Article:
Becoming a Patient in Utah
To become a medical cannabis patient in Utah, a patient must be diagnosed by a neurologist with severe epilepsy that is unresponsive to three or more treatment options. Patients who obtain a registration card are exempt from criminal penalties for possession and use of cannabis extracts that contains at least 5% cannabidiol (CBD), less than 0.3% tetrahydrocannibinol (THC), and contains no other psychoactive substance. Parents of children with epilepsy are also protected under the law, but there is no legal exception for personal cultivation, processing or dispensing of cannabis.
Patients or the parents of minor-patients may obtain a "hemp extract registration card." Possession of such card allows authorized cardholders to bring hemp extract (aka "CBD oil") in from another state so long as the product has been tested by a laboratory that is not the manufacturer of the product. The product must be at least 5% CBD, less than 0.3% THC, and contains no other psychoactive substance. The law does not impose possession limits.
Only intractable epilepsy is eligible; the patient must not respond to three or more treatment options overseen by the neurologist before a patient can obtain a hemp registration card and legal access.
Patients over the age of 18 or the parents of minor-patients with intractable epilepsy may apply to the Department Health. Only Utah residents may become registered patients under the law. The patient must have a signed statement their treating neurologist recommending hemp extract therapy. Patients will also need to submit photo ID and a registration fee to be determined by the Department of Health (currently $200).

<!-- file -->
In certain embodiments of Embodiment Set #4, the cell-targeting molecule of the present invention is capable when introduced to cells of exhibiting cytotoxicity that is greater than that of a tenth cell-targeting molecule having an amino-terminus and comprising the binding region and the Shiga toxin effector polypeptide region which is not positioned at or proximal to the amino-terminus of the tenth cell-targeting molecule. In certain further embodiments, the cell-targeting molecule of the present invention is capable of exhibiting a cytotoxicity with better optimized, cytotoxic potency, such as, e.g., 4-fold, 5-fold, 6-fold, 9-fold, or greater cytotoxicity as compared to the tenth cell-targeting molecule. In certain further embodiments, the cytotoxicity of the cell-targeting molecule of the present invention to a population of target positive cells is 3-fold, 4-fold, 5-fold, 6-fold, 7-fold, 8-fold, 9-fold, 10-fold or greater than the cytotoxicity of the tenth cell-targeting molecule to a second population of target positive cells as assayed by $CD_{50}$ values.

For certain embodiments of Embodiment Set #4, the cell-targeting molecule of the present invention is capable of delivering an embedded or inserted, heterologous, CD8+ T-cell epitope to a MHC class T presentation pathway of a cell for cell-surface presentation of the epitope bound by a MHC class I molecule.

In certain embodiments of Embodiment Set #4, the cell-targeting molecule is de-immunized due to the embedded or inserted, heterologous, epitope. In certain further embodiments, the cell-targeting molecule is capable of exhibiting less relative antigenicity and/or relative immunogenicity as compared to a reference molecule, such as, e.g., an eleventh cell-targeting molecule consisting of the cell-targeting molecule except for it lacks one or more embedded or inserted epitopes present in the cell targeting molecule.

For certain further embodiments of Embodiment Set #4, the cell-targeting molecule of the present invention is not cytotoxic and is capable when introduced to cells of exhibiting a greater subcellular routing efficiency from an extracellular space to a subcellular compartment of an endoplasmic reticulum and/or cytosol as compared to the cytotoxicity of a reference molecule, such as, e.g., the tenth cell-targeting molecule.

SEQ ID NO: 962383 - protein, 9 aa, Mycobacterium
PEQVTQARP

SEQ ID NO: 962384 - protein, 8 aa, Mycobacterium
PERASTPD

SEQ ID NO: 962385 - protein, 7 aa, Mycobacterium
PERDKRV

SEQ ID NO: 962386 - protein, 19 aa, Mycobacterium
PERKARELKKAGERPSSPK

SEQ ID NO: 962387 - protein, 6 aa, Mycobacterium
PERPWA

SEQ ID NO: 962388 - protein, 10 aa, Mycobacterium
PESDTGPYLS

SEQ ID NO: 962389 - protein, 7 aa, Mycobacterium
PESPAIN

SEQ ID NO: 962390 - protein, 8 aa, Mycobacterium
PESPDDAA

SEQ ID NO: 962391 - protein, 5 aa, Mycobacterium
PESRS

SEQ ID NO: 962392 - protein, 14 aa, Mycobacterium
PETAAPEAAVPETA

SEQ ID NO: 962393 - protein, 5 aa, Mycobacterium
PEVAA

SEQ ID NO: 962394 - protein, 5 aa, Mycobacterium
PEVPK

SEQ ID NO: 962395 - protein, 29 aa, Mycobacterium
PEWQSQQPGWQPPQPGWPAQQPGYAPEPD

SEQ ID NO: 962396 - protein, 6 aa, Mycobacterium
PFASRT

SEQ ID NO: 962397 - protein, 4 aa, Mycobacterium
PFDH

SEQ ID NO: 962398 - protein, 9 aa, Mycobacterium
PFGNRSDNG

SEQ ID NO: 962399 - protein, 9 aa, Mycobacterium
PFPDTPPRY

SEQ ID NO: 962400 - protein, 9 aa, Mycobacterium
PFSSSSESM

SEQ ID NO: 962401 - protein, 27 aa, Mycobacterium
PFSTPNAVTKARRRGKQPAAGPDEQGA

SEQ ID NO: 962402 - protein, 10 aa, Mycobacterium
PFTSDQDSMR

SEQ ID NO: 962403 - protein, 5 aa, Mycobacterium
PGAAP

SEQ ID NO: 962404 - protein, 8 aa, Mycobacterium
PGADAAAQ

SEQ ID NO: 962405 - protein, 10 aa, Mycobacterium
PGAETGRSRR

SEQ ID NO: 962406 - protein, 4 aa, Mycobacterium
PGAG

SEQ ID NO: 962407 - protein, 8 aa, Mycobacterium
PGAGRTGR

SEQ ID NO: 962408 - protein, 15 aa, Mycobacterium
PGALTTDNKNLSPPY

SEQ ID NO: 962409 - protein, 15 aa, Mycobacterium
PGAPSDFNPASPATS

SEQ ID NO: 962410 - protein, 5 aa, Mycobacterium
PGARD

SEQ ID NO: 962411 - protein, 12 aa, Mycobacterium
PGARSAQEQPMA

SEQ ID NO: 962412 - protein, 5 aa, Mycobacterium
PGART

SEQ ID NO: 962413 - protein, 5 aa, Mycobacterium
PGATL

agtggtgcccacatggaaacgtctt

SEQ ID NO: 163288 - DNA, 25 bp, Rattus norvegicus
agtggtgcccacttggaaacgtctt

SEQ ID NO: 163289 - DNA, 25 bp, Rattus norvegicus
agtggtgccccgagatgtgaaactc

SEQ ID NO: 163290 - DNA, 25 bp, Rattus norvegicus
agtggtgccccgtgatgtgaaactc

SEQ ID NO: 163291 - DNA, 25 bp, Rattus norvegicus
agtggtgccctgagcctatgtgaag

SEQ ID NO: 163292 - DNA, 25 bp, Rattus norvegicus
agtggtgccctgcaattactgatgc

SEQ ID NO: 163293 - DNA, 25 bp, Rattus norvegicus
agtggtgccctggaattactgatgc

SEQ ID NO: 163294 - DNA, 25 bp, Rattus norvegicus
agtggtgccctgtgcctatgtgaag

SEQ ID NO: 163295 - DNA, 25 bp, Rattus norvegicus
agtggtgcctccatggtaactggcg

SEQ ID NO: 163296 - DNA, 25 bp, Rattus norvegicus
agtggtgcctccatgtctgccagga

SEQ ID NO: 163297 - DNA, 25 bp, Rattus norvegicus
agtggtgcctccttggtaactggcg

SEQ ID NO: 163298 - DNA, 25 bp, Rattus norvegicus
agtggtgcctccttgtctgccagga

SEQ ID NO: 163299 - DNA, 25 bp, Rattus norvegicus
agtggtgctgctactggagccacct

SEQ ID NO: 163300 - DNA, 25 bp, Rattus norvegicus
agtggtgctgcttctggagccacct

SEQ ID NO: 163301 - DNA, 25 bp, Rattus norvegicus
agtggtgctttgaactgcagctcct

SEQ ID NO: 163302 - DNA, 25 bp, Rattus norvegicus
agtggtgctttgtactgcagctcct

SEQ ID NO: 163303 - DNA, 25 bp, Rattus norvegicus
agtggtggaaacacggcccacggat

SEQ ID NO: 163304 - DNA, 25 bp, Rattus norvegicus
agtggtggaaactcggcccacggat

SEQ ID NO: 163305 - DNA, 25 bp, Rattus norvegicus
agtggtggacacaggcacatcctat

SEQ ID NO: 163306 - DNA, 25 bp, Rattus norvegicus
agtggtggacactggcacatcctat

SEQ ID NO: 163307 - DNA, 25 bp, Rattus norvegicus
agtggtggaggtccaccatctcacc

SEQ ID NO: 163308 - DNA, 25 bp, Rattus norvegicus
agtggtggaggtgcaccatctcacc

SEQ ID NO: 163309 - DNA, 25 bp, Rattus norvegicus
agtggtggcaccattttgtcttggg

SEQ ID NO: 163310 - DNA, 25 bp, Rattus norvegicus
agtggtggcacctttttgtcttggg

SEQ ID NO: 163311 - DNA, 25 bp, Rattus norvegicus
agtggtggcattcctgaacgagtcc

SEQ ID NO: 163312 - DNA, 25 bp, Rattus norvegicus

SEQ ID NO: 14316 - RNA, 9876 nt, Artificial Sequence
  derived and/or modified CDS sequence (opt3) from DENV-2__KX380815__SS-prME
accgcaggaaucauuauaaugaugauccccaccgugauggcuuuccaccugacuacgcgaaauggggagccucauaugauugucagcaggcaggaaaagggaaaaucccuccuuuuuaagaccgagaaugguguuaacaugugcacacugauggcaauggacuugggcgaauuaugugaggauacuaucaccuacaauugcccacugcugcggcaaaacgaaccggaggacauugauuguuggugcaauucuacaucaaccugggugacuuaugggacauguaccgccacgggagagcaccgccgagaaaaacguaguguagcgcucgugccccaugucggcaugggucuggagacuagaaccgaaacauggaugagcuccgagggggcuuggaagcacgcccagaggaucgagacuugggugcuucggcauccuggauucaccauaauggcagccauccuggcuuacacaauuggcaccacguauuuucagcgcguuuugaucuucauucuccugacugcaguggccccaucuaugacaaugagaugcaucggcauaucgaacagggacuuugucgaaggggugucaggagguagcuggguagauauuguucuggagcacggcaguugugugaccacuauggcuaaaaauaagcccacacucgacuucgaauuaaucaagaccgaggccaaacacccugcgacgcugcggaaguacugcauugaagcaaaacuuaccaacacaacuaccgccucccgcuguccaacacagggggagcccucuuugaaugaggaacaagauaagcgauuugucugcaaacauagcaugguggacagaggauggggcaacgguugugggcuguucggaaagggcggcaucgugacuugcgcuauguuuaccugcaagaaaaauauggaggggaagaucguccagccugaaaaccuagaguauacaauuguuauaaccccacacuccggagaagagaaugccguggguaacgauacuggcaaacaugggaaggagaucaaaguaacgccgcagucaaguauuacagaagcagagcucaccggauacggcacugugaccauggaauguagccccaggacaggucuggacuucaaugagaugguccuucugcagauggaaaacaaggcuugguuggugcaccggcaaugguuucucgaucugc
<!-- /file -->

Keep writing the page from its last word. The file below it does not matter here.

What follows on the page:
Only a neurologist may recommend hemp oil therapy under Utah law.
Caregivers are permitted, but only for minor-patients and the caregiver must be the patient’s parent or legal guardian. A parent or legal guardian is required to serve as the cardholder for a patient under the age of 18.
There are no restrictions on where a patient may use their medicine under Utah law.
The Utah law allows patients under the age 18 to have access to hemp oil, but only one of their parents or legal guardians may be the registered cardholder who can obtain the medicine.
There are no explicit confidentiality provisions under the Utah hemp extract law. In fact, the law enables the Department of Health to share physician records related to recommending hemp extract with higher education institutions.
There are no explicit protections from housing discrimination for patients under the Utah law.
There are no explicit protections from employment discrimination for patients under the Utah law.
The law does not address health insurance and it is highly unlikely that any health insurer would cover hemp extract expenses.
Out of State Patients
Out of state patients have no legal protection under Utah law.